Sierra Club - - Oregon Chapter
3701 S. E. Milwaukie Ave. Suite F
Portland, OR. 97202
for more information contact:
Bob Palzer, Sierra Club Oregon Chapter
Mari Margil, Sierra Club Oregon Chapter
Craig Williams, Chemical Weapons Working Group
for immediate release: Wednesday, July 26, 2000
OREGON SENATORS JOIN IN CALL FOR GAO REVIEW OF EMERGENCY PREPAREDNESS AROUND CHEMICAL WEAPONS DISPOSAL SITE
UTAH CHEMICAL AGENT RELEASE PROMPTS QUESTIONS ABOUT
EMERGENCY PREPAREDNESS AND MANAGEMENT IN OREGON
In the aftermath of the May 8-9 chemical agent releases at the Army's Tooele, Utah incinerator, Oregon Senators Ron Wyden and Gordon Smith have joined with other members of Congress in requesting the General Accounting Office (GAO) to review the emergency preparedness of communities where chemical weapons are stored. Chemical weapons stored in Umatilla, Oregon are slated for disposal by incineration in a facility modeled after the Utah incinerator.
Joining Congressional members from Utah and Alabama, Senators Wyden and Smith co-signed a letter to the GAO which states,
"A recent release of GB (sarin) gas at the Tooele Chemical Agent Disposal Facility in Utah has raised issues in some communities near chemical weapons storage sites about how effectively the [Chemical Stockpile Emergency Preparedness Program] is managed and whether these communities are sufficiently prepared to respond to a chemical stockpile accident at the site."
This GAO review request is the latest in a series of inquiries made by local officials, state environmental regulators, and federal elected officials on events surrounding the May chemical agent release in Utah. The Calhoun County Alabama Commissioners were the first officials outside the state of Utah to raise concerns about the agent release. In a strong letter to Alabama's Senator Jim Sessions and Representative Bob Riley, the Commissioners expressed their lack of trust in the Army's ability to adequately investigate the incident, as well as the current emergency preparedness plan for communities living nearby chemical weapons stockpile sites. For example, the letter pointed out that after eight years of leading citizens to believe that they should evacuate their homes following a chemical agent incident, the Army now recommends that citizens disregard the evacuation approach and instead stay in their homes and close their windows and doors.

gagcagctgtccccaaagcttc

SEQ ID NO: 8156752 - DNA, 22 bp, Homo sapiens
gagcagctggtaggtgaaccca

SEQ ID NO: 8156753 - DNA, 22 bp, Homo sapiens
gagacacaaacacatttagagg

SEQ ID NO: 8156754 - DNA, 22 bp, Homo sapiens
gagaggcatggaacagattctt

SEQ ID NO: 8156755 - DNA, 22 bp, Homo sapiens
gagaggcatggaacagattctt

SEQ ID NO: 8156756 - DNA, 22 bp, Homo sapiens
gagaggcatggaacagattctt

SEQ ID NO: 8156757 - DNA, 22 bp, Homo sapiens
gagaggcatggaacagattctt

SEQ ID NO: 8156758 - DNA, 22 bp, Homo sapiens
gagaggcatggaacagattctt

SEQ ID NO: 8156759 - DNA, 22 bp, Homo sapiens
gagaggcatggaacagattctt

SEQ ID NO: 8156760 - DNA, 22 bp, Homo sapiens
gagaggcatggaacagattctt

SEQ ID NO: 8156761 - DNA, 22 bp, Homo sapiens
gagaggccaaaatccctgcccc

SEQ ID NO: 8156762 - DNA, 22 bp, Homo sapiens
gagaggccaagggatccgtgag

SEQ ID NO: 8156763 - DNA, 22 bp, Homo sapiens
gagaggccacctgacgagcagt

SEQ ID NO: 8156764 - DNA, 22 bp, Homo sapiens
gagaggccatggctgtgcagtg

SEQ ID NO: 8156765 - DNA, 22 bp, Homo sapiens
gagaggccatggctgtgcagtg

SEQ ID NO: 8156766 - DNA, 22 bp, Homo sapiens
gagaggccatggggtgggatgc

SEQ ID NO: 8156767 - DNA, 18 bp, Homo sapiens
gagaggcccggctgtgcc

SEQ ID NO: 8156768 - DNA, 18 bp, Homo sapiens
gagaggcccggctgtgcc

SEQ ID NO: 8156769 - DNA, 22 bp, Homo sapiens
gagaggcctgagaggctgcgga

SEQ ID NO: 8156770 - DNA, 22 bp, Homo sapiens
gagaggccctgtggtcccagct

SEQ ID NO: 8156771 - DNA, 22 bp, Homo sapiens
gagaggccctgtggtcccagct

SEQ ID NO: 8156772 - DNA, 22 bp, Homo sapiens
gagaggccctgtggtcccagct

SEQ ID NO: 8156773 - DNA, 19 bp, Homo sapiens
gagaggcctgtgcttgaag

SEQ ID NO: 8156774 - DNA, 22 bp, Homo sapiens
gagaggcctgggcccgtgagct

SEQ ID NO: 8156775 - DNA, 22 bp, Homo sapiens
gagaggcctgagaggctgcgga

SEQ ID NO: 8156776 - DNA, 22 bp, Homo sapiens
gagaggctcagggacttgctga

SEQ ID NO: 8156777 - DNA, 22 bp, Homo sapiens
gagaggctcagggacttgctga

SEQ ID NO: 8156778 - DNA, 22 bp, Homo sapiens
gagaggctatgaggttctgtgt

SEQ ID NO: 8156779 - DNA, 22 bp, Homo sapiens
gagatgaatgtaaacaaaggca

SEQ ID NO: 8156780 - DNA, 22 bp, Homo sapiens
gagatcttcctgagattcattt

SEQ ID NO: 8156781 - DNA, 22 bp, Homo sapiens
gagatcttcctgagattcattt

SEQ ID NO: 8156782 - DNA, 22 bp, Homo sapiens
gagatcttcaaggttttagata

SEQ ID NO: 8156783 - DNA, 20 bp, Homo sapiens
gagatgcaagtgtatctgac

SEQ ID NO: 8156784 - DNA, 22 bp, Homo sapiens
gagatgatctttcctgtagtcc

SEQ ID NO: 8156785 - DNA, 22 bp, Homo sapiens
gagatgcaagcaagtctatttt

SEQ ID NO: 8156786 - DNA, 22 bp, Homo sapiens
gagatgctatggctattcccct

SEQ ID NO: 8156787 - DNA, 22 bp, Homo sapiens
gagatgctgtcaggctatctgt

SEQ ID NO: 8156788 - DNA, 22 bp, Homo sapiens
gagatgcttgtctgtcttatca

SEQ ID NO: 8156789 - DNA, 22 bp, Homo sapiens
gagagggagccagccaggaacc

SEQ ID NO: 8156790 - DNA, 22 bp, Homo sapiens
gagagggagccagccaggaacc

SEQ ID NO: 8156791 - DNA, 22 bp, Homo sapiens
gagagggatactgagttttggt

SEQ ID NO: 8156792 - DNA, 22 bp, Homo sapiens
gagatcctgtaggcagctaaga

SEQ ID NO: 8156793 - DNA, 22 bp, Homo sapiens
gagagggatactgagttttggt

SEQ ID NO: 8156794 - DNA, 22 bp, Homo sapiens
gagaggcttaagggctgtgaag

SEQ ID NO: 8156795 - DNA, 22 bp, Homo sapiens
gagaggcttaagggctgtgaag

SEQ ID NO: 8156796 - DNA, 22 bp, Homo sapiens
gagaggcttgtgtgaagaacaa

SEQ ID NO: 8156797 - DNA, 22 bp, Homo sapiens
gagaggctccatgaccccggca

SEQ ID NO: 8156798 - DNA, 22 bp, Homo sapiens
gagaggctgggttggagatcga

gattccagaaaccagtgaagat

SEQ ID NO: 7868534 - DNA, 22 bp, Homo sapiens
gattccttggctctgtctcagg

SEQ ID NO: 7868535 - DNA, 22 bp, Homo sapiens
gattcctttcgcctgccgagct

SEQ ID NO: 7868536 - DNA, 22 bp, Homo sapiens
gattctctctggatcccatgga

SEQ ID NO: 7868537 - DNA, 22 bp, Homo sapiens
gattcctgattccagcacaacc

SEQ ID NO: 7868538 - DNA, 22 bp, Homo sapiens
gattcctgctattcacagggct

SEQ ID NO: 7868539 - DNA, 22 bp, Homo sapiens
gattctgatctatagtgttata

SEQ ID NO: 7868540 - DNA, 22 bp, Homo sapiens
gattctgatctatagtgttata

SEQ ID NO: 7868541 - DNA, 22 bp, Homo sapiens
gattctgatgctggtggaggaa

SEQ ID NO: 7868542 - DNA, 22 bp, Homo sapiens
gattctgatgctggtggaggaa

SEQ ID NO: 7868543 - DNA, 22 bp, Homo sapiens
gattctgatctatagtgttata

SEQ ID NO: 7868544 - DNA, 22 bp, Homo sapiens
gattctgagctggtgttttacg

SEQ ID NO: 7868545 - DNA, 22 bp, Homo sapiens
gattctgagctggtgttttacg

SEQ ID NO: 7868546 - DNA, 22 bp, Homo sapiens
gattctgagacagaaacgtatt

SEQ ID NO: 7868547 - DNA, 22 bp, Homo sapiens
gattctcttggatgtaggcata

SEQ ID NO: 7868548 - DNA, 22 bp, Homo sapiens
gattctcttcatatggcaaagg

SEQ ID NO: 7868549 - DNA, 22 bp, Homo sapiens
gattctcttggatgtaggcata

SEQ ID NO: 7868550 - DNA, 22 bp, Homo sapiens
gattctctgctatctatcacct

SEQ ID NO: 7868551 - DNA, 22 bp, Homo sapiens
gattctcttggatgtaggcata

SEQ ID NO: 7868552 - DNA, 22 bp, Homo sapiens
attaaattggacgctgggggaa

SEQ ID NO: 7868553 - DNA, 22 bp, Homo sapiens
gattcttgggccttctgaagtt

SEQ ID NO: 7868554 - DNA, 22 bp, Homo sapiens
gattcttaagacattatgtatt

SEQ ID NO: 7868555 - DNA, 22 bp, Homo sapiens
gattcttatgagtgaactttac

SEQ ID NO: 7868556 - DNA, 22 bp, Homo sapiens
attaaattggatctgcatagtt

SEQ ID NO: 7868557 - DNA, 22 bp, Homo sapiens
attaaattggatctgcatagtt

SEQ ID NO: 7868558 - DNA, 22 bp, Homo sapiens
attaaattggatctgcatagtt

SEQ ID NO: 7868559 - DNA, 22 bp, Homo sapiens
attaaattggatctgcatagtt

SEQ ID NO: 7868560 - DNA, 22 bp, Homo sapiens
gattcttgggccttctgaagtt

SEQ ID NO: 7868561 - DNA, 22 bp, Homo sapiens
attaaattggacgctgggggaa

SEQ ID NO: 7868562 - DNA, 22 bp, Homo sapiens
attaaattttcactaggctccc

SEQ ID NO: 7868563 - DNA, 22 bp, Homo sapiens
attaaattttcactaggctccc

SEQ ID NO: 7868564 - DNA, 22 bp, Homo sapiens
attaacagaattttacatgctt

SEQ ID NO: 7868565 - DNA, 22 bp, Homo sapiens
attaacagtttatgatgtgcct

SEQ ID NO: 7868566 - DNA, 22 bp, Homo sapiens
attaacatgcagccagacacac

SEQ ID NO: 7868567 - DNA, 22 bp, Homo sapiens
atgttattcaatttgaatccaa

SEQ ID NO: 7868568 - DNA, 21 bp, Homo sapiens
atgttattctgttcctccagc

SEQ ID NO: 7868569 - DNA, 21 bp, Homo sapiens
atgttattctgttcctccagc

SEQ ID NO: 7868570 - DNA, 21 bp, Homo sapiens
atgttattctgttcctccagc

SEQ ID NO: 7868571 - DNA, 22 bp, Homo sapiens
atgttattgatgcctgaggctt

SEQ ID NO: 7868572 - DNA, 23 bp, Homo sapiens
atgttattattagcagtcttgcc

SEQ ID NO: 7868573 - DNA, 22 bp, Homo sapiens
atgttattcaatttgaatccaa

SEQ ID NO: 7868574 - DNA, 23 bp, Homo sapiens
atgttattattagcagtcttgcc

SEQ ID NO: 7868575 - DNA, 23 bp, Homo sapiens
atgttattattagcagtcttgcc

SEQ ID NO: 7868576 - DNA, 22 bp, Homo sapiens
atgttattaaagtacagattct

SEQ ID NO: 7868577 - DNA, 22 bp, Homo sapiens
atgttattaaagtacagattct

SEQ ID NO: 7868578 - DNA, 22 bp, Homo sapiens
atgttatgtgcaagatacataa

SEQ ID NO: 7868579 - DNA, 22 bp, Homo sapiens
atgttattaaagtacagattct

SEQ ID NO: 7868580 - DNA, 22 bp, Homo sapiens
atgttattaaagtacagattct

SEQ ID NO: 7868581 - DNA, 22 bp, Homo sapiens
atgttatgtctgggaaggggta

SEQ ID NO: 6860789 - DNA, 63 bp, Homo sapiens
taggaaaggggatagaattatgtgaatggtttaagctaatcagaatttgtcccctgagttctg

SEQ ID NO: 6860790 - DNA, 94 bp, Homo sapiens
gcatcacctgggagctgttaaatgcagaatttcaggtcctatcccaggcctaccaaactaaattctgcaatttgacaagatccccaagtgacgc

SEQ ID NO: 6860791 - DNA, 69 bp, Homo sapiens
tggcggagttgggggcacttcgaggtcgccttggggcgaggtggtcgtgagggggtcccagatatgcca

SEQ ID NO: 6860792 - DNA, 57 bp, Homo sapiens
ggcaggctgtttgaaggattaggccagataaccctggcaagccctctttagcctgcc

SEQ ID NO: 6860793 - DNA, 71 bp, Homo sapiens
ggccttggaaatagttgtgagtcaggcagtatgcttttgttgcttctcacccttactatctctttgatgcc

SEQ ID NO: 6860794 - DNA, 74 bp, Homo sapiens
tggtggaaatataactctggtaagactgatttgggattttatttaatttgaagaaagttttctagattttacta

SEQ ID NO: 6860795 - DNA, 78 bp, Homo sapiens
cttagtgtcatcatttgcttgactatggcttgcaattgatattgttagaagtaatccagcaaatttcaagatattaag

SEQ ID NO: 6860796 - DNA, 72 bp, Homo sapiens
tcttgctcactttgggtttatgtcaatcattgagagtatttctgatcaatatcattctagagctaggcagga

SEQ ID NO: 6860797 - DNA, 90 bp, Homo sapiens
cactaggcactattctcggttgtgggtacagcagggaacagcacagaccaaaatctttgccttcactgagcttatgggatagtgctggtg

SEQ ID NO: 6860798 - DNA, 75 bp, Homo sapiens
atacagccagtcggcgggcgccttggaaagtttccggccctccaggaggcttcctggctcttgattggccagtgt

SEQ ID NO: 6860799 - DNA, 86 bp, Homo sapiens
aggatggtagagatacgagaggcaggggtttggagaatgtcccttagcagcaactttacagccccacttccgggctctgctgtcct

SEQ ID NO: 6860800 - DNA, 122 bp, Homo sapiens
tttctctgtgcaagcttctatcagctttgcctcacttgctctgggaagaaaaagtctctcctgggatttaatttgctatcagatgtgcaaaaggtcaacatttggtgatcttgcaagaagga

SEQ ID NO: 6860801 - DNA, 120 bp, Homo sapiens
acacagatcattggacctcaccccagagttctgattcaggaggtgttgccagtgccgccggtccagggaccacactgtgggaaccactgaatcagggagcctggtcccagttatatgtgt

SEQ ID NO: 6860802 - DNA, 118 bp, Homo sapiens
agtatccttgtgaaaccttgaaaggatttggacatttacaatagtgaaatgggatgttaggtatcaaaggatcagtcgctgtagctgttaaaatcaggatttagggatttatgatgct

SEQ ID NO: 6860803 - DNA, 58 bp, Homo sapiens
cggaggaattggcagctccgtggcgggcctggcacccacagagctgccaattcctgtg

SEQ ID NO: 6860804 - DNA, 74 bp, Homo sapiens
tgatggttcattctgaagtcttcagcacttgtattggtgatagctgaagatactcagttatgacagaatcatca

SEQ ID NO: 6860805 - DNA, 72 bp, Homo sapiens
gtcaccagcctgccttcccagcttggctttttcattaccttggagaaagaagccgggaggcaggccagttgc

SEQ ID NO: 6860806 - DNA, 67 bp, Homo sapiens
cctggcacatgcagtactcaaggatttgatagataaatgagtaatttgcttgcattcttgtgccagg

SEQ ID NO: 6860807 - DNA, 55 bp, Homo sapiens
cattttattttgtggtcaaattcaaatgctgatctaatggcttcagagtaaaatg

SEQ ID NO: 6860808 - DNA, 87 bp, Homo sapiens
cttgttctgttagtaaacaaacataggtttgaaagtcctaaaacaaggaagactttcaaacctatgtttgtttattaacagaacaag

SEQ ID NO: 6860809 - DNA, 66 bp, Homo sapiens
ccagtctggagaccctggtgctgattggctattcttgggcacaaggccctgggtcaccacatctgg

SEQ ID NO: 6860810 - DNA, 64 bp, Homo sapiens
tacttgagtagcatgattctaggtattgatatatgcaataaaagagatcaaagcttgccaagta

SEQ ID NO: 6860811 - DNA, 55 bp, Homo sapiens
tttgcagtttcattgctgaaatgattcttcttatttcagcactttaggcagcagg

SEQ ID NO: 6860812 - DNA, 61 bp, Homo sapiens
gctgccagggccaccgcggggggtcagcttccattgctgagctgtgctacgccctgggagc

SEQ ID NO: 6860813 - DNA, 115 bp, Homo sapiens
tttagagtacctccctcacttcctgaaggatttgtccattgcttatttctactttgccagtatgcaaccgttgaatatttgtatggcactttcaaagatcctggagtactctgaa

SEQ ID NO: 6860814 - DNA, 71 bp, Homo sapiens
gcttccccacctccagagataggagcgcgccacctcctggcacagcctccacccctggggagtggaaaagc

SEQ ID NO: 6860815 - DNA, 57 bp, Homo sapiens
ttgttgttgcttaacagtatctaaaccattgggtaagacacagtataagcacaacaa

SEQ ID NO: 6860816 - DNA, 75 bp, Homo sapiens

The Commissioners also criticized the Army for not using the latest data on nerve agent toxicity in its protective action recommendations to local emergency officials. The Commissioners said that some of the stockpiled agents have been found to be twice as toxic as the Army estimated.
Now that Senators Wyden and Smith have joined the call for a GAO investigation, Oregon's emergency preparedness program will be closely examined as well.
"Last year, I requested a GAO study outlining what steps needed to be taken to ensure an effective emergency preparedness program for the Umatilla Depot is in place," Wyden said. "Clearly, the Utah incident indicates that there is a need for improvement. We cannot afford to rest in our efforts to bolster emergency preparedness to protect the health and safety of Oregonians."
Dr. Bob Palzer of the Oregon Chapter of the Sierra Club said, "A sound emergency preparedness program is vital to ensure public protection from these chemicals. But the best way to lower the risks of public exposure to chemical agents is to use safer weapons disposal technologies."
Craig Williams, Director of the Chemical Weapons Working Group, agreed saying, "The way these chemical weapons incinerators are designed, chemical agent will continue to be released into the environment. As long as there's a smokestack, chemical agents will have a direct route into the environment."
Citizens groups have been calling for non-incineration technologies for chemical weapons disposal in Oregon and other chemical weapons sites. Technologies demonstrated through the federal Assembled Chemical Weapons Assessment (ACWA) program could replace incineration for disposal of Oregon's chemical weapons. These technologies have the capability to contain by-products rather than releasing them into the environment through a smokestack.
Non-incineration technology pilot plants for chemical agent destruction are under construction in Maryland and Indiana. Incinerators are not permitted for Colorado or Kentucky, where ACWA technologies may be deployed for weapons disposal.
Copies of the letter to the GAO are available upon request.
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